Tuesday, 8 January 2008

We Mustafa Look

This story starts at a dinner party of 8 people, about half of whom we knew. As the conversation meandered around the usual middle-class obsessions of jobs, stupid politics and rising house prices we took a detour into shopping and one man's eyes lit up when we expressed no knowledge of a Singapore shop called Mustafas. We were regaled with stories of people arriving at Changi airport, leaping in a cab and saying "Take me to Mustafas". Our host admitted to starting a fracas by going to the food section to buy chapati; stood in front of a large display of many brands, she asked the Indian lady on her left which was the best one and ended up starting an argument with the lady on her right who disagreed vocally. Our host grabbed a pack and ducked out of that one. Part of the shop is open 24/7 and we were recommended to visit during the night to avoid the crowds.

So with this setup, we had to find out. Mustafas is a department store spread across several buildings in a block at the north end of Little India. Allegedly, it was mentioned in passing by the Prime Minister in an August National Day speech when he noted the significant export trade in TVs and other electrical goods that Singaporean retailers achieve.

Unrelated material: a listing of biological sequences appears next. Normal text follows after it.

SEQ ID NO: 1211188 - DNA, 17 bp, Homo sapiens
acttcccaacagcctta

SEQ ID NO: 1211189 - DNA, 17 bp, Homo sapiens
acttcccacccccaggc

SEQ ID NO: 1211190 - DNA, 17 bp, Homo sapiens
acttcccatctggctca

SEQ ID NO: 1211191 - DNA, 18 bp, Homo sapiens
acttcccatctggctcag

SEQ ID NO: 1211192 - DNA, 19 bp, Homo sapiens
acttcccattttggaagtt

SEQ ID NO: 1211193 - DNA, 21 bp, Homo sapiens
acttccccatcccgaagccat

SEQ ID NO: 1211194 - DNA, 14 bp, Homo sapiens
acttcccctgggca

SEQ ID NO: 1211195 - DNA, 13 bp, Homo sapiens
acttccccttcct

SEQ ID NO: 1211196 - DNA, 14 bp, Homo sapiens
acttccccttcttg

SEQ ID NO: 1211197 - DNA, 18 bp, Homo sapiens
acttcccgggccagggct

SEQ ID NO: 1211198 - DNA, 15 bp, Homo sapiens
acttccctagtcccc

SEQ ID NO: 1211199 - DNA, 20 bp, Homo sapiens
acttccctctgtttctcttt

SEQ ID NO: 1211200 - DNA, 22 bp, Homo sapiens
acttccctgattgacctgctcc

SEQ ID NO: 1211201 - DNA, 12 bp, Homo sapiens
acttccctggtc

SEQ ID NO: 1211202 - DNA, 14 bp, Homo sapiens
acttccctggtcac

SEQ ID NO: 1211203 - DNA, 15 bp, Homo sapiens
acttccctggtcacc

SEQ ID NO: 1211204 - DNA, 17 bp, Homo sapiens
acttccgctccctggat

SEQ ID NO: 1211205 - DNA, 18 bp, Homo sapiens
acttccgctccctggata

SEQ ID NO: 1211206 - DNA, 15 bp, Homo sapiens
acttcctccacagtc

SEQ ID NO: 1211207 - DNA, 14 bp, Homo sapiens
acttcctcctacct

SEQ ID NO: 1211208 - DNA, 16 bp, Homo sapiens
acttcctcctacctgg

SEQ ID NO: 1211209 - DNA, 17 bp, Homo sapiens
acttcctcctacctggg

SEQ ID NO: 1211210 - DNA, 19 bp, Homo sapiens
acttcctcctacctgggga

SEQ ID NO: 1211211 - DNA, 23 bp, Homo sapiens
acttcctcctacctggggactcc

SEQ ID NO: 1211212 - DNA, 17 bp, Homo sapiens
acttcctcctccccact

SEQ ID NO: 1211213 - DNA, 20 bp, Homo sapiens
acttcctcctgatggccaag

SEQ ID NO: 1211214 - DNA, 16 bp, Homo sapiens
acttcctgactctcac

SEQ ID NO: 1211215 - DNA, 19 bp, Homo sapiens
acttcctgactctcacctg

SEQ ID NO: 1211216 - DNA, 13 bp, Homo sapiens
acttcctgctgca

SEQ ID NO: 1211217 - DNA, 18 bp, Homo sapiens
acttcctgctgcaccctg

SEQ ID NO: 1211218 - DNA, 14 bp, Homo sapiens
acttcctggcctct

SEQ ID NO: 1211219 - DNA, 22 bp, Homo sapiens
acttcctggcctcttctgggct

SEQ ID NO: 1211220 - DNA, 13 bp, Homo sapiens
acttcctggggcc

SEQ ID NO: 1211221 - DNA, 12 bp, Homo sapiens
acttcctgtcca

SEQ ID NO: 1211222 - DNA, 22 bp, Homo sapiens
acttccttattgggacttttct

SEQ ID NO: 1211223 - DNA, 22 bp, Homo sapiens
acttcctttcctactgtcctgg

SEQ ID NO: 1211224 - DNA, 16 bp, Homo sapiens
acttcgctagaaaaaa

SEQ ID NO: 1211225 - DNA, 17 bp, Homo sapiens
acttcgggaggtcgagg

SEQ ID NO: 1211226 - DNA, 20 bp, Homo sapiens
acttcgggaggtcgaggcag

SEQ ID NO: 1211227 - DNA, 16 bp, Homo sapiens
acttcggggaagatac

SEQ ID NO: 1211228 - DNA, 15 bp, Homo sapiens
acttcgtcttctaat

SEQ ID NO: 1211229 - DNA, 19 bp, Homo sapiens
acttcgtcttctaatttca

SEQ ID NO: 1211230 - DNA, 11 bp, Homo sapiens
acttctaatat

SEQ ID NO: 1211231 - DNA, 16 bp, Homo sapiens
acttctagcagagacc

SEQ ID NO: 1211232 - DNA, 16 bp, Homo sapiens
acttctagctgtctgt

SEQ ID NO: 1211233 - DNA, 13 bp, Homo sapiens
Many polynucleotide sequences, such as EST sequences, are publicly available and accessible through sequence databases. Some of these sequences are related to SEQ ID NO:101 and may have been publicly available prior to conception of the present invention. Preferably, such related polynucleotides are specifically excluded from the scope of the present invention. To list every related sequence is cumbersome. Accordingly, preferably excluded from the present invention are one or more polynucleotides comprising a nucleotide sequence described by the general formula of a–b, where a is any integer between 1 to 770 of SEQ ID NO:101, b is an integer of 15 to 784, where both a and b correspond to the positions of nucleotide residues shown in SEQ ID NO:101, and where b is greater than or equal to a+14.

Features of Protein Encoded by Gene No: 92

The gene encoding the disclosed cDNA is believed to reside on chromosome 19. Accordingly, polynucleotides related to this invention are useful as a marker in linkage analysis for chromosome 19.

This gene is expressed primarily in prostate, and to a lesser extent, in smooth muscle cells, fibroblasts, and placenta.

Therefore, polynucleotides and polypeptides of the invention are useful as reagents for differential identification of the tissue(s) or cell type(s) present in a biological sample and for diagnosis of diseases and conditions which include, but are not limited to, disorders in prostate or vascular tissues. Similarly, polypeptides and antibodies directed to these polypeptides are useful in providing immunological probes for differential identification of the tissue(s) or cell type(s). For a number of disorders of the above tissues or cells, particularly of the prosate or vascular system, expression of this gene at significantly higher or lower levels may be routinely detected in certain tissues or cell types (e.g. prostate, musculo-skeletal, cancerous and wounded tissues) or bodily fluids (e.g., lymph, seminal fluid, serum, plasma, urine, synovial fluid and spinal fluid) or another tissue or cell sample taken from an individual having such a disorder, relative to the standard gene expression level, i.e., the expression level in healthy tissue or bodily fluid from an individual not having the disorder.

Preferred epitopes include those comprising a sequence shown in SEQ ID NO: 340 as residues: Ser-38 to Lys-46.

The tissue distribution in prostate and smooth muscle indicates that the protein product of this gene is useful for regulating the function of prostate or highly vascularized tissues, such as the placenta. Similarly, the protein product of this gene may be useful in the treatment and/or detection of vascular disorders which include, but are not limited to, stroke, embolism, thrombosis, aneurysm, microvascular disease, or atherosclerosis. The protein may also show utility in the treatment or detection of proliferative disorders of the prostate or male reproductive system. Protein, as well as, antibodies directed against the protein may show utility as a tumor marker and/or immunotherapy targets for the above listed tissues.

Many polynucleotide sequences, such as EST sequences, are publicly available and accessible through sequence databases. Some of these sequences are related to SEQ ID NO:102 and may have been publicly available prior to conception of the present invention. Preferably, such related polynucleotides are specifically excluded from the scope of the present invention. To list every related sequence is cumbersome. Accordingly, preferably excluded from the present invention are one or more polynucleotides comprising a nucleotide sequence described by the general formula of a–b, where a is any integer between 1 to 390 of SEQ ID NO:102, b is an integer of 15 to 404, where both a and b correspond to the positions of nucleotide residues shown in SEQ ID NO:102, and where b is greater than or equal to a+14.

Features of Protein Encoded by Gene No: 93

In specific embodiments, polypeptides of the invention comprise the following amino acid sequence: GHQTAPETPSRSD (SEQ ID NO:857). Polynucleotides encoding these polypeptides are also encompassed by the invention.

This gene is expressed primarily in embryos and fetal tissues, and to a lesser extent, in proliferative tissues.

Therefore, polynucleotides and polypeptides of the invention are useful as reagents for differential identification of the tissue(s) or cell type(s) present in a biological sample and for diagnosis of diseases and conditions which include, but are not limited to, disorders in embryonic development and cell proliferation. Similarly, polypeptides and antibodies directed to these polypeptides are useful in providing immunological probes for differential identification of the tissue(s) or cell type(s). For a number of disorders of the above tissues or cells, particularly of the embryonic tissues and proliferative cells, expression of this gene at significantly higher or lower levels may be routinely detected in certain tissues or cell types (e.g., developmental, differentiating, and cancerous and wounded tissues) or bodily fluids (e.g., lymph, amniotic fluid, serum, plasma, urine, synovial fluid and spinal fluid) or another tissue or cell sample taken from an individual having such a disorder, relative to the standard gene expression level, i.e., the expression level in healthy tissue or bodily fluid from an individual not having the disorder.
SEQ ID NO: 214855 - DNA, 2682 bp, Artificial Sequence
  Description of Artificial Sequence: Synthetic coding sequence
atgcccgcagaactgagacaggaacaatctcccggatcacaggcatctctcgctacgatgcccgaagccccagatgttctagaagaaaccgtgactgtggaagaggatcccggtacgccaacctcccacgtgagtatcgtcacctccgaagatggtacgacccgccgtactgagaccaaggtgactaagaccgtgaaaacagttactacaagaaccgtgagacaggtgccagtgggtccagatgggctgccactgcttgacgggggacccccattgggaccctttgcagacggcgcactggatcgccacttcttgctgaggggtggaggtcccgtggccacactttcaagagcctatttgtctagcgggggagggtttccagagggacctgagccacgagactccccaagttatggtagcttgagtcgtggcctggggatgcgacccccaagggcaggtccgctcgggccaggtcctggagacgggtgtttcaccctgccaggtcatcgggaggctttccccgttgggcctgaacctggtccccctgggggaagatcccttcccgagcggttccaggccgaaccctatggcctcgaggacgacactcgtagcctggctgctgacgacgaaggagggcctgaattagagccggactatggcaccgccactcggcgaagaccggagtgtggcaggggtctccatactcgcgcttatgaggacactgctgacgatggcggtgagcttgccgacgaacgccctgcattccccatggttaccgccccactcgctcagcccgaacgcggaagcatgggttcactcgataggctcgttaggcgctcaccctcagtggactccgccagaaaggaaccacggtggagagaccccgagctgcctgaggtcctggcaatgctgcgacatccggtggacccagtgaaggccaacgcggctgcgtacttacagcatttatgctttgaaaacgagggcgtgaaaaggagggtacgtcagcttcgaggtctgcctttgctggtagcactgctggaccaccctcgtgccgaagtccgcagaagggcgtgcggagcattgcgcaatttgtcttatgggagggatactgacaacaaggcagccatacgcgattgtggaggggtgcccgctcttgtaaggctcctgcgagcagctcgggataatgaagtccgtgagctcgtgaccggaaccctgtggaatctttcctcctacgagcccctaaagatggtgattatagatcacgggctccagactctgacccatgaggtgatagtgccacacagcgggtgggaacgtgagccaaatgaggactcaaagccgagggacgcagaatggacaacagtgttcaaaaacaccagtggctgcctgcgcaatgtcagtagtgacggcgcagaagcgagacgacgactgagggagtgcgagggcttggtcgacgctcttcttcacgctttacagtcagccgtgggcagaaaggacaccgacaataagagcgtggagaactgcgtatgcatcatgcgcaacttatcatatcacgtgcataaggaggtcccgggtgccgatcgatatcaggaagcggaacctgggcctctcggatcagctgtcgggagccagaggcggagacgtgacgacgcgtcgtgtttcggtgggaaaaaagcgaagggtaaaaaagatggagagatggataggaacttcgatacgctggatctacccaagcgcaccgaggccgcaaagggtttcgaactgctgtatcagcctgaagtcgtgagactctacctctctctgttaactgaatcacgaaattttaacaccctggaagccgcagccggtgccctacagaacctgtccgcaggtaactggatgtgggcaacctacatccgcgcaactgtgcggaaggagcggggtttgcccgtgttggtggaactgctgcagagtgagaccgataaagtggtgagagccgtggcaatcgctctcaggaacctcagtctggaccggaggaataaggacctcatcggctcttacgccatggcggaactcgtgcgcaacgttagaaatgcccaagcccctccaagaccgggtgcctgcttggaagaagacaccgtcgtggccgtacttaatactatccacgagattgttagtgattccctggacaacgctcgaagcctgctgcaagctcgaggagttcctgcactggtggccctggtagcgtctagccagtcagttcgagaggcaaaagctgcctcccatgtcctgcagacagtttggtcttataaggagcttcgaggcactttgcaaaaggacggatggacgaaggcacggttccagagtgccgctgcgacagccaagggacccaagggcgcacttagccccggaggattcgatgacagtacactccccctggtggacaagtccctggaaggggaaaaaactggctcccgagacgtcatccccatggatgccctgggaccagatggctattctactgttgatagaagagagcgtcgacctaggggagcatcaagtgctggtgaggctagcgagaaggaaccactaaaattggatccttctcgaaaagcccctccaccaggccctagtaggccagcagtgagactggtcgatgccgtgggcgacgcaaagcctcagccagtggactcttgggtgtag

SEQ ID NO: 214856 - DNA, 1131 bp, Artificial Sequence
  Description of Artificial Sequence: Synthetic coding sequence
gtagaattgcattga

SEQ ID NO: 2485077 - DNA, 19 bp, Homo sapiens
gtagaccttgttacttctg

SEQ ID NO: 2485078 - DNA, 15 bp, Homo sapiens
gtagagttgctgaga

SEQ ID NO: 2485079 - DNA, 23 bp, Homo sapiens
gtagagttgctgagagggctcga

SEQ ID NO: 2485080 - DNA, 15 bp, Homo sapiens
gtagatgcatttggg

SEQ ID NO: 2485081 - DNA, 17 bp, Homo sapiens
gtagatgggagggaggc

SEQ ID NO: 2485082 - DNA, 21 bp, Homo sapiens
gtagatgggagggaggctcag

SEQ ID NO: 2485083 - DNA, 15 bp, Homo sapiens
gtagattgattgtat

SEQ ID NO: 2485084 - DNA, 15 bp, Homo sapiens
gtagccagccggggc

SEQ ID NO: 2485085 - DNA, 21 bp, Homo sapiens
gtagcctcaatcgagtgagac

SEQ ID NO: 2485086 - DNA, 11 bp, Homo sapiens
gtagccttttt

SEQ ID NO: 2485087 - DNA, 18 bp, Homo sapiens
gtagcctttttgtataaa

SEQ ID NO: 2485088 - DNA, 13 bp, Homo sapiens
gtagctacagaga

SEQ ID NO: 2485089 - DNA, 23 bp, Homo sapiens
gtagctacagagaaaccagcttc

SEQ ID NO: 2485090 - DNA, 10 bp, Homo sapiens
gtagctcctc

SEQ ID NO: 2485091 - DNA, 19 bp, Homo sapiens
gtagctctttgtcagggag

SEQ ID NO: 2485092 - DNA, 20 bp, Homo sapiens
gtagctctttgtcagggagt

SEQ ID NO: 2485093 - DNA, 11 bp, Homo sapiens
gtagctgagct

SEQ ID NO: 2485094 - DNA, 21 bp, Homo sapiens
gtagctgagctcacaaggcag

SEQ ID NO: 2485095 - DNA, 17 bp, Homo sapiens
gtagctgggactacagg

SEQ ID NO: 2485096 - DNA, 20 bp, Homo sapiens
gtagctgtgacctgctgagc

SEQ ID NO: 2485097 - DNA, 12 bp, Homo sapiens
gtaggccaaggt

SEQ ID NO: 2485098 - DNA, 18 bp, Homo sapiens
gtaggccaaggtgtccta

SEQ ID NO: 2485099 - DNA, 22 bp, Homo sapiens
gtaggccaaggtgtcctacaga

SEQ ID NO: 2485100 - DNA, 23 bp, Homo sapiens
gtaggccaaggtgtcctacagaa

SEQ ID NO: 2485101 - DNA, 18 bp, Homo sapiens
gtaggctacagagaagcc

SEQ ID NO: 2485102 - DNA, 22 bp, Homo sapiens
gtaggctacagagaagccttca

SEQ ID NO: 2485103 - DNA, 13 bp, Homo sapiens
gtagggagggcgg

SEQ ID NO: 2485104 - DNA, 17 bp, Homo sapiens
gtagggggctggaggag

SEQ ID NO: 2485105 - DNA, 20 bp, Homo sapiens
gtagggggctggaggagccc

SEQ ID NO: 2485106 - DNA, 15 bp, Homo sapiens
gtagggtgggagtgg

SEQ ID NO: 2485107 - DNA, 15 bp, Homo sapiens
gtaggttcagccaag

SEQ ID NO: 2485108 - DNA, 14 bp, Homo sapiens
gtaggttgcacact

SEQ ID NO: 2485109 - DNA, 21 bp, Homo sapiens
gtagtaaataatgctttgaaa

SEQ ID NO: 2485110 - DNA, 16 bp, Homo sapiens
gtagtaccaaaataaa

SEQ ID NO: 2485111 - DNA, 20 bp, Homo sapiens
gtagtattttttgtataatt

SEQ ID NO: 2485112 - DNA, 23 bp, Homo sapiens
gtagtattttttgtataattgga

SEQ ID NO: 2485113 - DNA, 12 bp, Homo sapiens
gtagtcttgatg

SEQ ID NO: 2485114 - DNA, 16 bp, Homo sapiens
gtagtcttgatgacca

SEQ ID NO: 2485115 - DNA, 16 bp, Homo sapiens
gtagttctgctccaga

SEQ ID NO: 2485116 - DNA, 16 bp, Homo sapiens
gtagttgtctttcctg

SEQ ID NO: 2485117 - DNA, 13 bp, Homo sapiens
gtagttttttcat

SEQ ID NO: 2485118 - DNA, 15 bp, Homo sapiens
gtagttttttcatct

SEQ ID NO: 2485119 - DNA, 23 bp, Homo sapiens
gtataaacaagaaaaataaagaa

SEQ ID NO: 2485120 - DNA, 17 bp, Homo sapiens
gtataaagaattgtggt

When we moseyed along there on Saturday night, we realised we had been there before, but had never bothered to explore what looks like a fairly ordinary department store. What sets it apart is ferocious cost cutting and a wide service portfolio tweaked for Indian expats and visitors. It reminds me of Trago Mills; a large, rambling store full of everything from food, clothing, luggage, electronics, cosmetics, medicines, computers, a Post Office, money change bureau, calling cards, credit services and even an hotel. We asked one checkout lady what was in the other building and her reply of "more items" seemed unhelpfully terse until we went to check it out and indeed, it was just more stuff with little to differentiate it from the previous section other than latitude and longitude.

Prices can be good or just typical, it varies, so you need some discretion when buying but the feeling is of cost-plus pricing rather than what will the market bear?

There's loads of staff (mostly Indians) and security is reasonably tight to avoid retail shrinkage. Carry bags are tie-wrapped off at the till and later when we tired of the crowds and retired across the road to an Indian vegetarian restaurant for a stuffed naan with paneer mutter (cheese with peas) and a mango lassi, the other tables were strewn around with the characteristic pinched carrier bags. We'll be going back as it's worth an occasional visit to pick up cheap essentials and have a good Indian meal.